GEO1045 Introducing Physical Geographies (20 credits)
Introducing Physical Geographies provides an overview of physical geography which looks at basic concepts and their development. The module outlines the physical framework of the Earth’s surface and investigates the materials and processes operating there. It covers aspects of biogeography, soils, climatology and geomorphology.
GEO1046 Environmental Issues (20 credits)
Environmental Issues provides an awareness and understanding of the nature of environmental issues facing the world today. Issues such as climatic change, water quality, flooding, biodiversity loss and human vulnerability to natural hazards will be considered. Through case studies, the physical processes underlying the issues will be explained together with an evaluation of management responses.
GEO1047 Practical Skills for Geography and Environmental Science (20 credits)
Practical Skills for Geography and Environmental Science is a skills-based module, using geographical knowledge to develop a range of subject-specific skills together with general use of ICT and communication skills. The module focuses on the handling, analysis and communication of spatial and graphical data. You will be introduced to the principles, uses and practical skills of Geographical Information Systems as part of the module.
GEO1240 Rocks, Minerals and Fossils (20 credits)
Rocks, Minerals and Fossils enables you to appreciate the origin, composition, dynamics and history of the Earth as a planet. The module will show plate tectonics as a unifying concept in the geological sciences, illustrating the composition and formation of major mineral and rock groups and equipping you with the skills and knowledge required to describe, identify and classify marine and terrestrial fossils.
GEO1241 Geological Research Methods 1 (20 credits)
Geological Research Methods 1 provides an overview of a range of field and laboratory geological techniques covering the breadth of knowledge and skills that a geologist in training needs to successfully study and practise geology at more advanced levels. The module will guide you in recording basic geological information in the field and in the laboratory. You will learn how to communicate field information in an appropriate and scientific manner, discover how to recognise the form and function of basic geological maps and deduce aspects of Earth history from them.
GEO1242 Earth History (20 credits)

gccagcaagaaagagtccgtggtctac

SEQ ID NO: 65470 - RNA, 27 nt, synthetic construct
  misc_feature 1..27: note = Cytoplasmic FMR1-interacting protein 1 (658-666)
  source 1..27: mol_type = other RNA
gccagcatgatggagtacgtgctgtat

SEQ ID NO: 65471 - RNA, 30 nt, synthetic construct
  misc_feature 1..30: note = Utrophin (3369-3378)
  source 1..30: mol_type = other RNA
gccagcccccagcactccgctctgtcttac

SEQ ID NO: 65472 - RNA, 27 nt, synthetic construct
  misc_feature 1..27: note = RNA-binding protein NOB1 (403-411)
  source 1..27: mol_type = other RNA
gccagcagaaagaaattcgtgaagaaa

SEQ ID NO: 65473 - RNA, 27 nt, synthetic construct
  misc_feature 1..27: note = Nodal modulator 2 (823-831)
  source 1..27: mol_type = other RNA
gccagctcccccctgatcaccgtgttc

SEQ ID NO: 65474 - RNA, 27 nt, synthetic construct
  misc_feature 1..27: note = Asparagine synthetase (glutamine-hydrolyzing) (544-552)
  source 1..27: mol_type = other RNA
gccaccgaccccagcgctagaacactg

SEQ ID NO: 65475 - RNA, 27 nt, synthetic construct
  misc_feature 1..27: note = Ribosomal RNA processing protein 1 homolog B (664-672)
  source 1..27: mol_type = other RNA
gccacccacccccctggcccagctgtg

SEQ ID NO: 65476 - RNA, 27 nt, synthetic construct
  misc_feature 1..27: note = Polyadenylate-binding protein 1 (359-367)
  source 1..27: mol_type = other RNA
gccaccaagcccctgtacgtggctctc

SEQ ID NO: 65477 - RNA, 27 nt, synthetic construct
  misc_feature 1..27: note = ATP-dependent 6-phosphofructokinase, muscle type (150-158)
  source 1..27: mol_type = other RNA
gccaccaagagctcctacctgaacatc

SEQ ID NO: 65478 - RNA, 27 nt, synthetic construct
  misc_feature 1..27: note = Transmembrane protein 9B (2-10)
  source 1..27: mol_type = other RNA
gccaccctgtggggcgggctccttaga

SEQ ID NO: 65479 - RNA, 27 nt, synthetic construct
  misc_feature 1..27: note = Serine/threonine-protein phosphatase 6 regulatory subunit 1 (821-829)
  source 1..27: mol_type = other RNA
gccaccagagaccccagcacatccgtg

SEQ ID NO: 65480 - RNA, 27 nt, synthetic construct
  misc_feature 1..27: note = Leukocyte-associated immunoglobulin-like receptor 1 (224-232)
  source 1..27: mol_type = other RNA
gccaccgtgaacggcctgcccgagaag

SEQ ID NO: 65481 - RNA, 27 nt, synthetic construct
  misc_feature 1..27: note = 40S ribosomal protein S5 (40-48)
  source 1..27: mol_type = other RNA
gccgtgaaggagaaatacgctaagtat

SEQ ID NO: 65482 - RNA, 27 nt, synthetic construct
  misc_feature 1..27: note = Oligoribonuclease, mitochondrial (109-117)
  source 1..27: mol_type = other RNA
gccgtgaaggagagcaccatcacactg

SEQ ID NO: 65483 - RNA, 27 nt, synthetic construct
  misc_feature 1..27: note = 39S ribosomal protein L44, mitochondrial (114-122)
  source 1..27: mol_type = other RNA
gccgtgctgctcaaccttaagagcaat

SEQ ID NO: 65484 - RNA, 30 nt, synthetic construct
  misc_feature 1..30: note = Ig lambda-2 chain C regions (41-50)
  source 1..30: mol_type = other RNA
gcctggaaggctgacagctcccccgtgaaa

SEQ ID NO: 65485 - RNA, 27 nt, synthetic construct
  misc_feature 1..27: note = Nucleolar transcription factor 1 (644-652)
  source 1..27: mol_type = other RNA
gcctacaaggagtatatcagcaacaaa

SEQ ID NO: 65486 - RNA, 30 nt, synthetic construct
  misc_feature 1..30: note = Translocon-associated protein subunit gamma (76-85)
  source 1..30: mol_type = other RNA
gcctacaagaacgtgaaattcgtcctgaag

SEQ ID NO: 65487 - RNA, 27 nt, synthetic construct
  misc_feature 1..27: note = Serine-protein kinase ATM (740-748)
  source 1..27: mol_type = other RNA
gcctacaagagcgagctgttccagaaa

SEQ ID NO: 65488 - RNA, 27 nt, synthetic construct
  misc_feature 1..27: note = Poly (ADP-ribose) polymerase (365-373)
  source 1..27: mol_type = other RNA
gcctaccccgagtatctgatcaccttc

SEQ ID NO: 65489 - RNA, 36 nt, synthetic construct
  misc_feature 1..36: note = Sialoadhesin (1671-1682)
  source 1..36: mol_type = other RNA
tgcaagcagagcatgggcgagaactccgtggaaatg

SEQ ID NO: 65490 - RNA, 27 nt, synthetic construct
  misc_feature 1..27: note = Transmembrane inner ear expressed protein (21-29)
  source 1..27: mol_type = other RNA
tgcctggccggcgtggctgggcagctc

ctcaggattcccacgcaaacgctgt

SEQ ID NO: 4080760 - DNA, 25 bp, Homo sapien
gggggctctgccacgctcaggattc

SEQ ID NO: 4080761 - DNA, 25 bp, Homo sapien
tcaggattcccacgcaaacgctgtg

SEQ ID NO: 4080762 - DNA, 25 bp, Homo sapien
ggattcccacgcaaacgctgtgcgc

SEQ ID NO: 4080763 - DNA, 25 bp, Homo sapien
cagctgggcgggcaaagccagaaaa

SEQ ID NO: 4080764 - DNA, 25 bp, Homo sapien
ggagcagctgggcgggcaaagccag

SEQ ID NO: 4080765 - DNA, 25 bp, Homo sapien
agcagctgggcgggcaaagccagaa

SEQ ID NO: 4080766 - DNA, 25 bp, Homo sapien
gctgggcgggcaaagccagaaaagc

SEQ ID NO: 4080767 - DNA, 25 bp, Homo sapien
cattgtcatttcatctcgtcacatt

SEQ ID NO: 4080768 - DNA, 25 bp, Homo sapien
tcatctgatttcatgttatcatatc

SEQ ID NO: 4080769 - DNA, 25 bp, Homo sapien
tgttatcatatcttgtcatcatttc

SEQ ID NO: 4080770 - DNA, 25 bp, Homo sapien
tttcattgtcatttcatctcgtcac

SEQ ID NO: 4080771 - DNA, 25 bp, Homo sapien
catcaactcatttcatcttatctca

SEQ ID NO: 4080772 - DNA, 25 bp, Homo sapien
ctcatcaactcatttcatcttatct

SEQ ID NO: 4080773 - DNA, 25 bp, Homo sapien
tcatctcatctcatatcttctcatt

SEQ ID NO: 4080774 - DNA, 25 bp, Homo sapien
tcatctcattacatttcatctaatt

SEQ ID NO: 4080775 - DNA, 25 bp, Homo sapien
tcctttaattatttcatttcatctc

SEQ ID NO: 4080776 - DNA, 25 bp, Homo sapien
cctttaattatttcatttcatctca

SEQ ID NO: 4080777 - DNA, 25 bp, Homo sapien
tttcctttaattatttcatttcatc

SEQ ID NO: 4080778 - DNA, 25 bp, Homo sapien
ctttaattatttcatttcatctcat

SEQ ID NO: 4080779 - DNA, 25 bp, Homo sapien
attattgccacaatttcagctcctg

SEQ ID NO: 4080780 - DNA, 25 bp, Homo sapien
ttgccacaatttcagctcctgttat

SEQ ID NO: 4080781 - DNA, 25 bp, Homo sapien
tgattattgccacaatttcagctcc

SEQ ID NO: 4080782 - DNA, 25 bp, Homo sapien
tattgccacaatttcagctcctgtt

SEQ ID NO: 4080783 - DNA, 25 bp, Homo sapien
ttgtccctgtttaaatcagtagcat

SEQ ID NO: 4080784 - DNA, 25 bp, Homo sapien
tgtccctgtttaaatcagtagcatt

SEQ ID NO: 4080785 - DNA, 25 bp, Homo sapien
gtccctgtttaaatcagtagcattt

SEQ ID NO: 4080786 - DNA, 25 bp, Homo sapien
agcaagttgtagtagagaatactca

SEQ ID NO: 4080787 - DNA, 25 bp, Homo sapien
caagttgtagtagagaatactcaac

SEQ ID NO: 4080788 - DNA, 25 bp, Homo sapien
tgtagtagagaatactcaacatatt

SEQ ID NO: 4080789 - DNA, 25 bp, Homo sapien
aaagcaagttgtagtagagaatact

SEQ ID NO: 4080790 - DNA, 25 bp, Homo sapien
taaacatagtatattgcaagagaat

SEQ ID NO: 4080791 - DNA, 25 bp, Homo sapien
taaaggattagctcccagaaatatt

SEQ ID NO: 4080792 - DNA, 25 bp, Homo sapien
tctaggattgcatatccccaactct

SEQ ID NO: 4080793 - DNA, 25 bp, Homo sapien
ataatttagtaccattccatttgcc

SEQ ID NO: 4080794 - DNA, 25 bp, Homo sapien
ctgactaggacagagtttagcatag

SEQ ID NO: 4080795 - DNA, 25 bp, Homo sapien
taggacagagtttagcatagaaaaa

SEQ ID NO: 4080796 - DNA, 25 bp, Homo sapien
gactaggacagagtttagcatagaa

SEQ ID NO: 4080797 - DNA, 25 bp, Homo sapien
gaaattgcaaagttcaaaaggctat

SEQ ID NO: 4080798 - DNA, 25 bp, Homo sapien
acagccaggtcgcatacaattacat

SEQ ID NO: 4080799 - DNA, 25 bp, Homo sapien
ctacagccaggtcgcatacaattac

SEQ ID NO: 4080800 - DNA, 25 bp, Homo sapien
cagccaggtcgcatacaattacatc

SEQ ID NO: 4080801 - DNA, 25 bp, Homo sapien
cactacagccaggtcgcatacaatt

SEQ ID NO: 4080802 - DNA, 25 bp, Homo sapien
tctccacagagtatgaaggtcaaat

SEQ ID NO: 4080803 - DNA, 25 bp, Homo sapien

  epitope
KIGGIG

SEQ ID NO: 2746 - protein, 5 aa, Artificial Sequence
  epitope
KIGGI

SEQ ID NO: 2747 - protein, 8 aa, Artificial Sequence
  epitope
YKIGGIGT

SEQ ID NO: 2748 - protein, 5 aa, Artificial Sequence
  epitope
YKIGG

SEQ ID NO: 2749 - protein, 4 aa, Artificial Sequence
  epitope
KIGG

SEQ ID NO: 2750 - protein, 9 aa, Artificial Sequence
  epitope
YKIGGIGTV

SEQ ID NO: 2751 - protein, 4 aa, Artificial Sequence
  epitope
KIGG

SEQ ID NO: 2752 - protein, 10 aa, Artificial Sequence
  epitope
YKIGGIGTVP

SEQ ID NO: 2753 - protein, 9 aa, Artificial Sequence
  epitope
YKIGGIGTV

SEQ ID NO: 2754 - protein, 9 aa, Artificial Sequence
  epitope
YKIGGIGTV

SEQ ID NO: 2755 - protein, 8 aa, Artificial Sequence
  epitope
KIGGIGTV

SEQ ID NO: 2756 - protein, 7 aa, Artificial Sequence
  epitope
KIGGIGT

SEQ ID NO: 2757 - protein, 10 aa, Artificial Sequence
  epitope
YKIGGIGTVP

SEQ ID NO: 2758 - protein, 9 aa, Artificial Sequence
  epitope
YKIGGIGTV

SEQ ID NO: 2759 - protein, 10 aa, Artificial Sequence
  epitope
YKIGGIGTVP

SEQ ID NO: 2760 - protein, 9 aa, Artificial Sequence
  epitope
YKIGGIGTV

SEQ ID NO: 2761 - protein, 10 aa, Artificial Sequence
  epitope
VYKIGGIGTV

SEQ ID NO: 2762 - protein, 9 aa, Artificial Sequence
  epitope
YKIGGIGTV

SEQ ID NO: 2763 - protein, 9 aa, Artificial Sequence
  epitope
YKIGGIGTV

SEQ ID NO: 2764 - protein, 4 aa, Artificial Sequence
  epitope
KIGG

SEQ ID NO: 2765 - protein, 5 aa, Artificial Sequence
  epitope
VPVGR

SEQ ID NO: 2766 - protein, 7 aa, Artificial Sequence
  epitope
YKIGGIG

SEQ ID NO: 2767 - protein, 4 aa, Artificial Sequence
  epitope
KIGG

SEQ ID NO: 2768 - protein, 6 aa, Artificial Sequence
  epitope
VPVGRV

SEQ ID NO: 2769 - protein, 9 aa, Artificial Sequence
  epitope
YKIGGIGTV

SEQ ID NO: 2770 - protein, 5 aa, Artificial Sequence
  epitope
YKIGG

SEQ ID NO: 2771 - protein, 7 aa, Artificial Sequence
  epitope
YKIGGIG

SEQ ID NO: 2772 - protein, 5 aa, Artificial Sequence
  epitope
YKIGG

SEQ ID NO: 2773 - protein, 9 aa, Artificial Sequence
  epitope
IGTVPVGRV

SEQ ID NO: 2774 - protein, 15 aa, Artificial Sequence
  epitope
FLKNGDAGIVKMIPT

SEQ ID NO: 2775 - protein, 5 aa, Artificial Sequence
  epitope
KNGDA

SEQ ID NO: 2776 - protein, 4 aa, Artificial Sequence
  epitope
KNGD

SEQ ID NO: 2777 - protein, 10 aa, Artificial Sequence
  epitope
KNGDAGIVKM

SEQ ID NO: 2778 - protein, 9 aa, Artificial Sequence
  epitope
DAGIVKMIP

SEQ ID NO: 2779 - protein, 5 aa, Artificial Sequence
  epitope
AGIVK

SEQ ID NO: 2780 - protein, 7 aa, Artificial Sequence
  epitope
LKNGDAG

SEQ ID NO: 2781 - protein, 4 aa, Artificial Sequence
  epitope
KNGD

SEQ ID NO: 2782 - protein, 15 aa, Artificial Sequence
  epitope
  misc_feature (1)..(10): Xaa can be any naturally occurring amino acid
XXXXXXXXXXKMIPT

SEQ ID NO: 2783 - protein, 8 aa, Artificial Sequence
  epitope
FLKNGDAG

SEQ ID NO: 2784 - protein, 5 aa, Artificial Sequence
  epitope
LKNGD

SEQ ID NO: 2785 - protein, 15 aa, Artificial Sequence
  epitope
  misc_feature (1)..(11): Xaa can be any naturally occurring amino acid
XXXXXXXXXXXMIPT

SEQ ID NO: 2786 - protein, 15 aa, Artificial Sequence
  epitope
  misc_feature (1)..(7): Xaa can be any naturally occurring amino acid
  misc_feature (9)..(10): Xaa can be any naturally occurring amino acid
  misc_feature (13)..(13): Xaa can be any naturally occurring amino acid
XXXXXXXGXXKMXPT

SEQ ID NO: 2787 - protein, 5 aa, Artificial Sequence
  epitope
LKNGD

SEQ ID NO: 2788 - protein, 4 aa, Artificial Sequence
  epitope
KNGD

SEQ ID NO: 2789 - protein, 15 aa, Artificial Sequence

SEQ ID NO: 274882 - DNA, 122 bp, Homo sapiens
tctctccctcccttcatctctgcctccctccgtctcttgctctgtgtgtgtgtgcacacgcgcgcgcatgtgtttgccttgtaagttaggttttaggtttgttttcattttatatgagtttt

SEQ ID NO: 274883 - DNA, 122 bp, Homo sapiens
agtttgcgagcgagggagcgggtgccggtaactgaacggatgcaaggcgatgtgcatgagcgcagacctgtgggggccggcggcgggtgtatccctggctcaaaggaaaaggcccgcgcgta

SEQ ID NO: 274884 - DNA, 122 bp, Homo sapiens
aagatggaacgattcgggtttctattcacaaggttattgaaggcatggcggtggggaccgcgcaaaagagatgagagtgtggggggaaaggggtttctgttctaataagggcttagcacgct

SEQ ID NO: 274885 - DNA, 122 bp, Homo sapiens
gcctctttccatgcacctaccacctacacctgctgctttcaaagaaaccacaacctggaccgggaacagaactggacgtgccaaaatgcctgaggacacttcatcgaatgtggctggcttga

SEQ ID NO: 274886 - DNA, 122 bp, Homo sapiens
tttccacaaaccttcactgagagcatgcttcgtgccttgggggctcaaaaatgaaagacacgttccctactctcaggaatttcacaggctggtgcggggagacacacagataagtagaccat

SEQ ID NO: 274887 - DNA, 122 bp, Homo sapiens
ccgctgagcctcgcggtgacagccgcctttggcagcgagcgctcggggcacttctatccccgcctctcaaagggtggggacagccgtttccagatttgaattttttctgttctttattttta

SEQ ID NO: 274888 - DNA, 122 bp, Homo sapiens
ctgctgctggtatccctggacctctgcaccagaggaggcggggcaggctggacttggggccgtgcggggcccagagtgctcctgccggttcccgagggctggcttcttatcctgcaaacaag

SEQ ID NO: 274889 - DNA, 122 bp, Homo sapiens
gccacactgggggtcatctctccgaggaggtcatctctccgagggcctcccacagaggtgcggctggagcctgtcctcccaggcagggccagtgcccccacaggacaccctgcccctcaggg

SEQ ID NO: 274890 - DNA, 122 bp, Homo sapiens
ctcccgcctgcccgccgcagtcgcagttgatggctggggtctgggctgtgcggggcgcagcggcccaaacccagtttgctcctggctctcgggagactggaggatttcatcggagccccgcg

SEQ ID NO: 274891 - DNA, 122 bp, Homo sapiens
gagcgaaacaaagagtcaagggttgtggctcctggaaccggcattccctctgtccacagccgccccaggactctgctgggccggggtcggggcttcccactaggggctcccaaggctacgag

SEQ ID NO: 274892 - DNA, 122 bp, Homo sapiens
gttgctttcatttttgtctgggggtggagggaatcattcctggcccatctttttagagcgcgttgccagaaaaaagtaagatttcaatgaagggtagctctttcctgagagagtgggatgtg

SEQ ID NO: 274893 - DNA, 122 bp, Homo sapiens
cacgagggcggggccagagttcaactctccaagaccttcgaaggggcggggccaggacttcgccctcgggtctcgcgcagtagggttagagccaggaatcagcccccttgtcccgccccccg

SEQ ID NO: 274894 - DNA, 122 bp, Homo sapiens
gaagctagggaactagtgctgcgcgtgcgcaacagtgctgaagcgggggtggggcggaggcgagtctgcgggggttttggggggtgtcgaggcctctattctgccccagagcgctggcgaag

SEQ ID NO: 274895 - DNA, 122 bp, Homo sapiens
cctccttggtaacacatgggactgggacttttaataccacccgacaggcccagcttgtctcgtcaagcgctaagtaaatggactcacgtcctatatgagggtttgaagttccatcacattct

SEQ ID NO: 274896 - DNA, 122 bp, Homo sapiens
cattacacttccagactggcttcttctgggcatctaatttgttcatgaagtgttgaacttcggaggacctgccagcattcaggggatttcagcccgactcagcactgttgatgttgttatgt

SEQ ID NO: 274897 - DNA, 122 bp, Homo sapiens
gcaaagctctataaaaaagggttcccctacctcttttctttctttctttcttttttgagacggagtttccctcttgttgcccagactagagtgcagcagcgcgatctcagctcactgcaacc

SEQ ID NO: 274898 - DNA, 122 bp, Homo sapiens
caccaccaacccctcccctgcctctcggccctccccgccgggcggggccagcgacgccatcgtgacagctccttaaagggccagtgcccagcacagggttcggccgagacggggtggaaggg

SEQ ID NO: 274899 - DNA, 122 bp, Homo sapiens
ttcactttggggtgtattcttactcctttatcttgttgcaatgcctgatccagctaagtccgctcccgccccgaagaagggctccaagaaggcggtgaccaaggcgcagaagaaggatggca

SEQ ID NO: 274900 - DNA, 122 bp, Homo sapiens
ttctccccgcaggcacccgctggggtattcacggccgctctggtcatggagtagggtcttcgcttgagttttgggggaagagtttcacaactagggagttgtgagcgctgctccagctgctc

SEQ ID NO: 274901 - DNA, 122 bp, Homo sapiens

Earth History enables you to appreciate geological time. In particular, the module will look at the evolution of the Earth from both a global perspective as well as the development of the British Isles. You will examine the beginning of the solar system and the theories behind the origin of the Earth and the Moon. The early conditions of Earth’s history will also be examined by considering the early continental crust, the likely nature of plate tectonics and the origin of the atmosphere and hydrosphere. The rise of modern style plate tectonics, the origin of life and the rise of atmospheric oxygen will be introduced alongside changes in the oceans and evolution of the Earth’s climate. Major episodes such as “Snowball and Greenhouse Earth” along with asteroid impacts, mass extinctions and super-massive volcanic eruptions will be outlined.
GEO2071 Research Methods for Physical Geography and Environmental Science (20 credits)
Research Methods for Physical Geography and Environmental Science uses investigative research processes to enhance and develop your knowledge and understanding of essential research methods in physical geographical and environmental science.
GEO2075 Geomorphology (20 credits)
Geomorphology introduces you to the study of geomorphological processes and the landforms they produce in a range of Earth surface environments. The module will outline important concepts for understanding the relationships between processes and landforms. You will study the linkages between landforms and processes in a selection of Earth surface environments such as coastal, fluvial, desert and glacial. You will also be introduced to the identification of landforms and the observation of processes through work in the field and laboratory.
GEO2077 Weather, Climate and Soils (20 credits)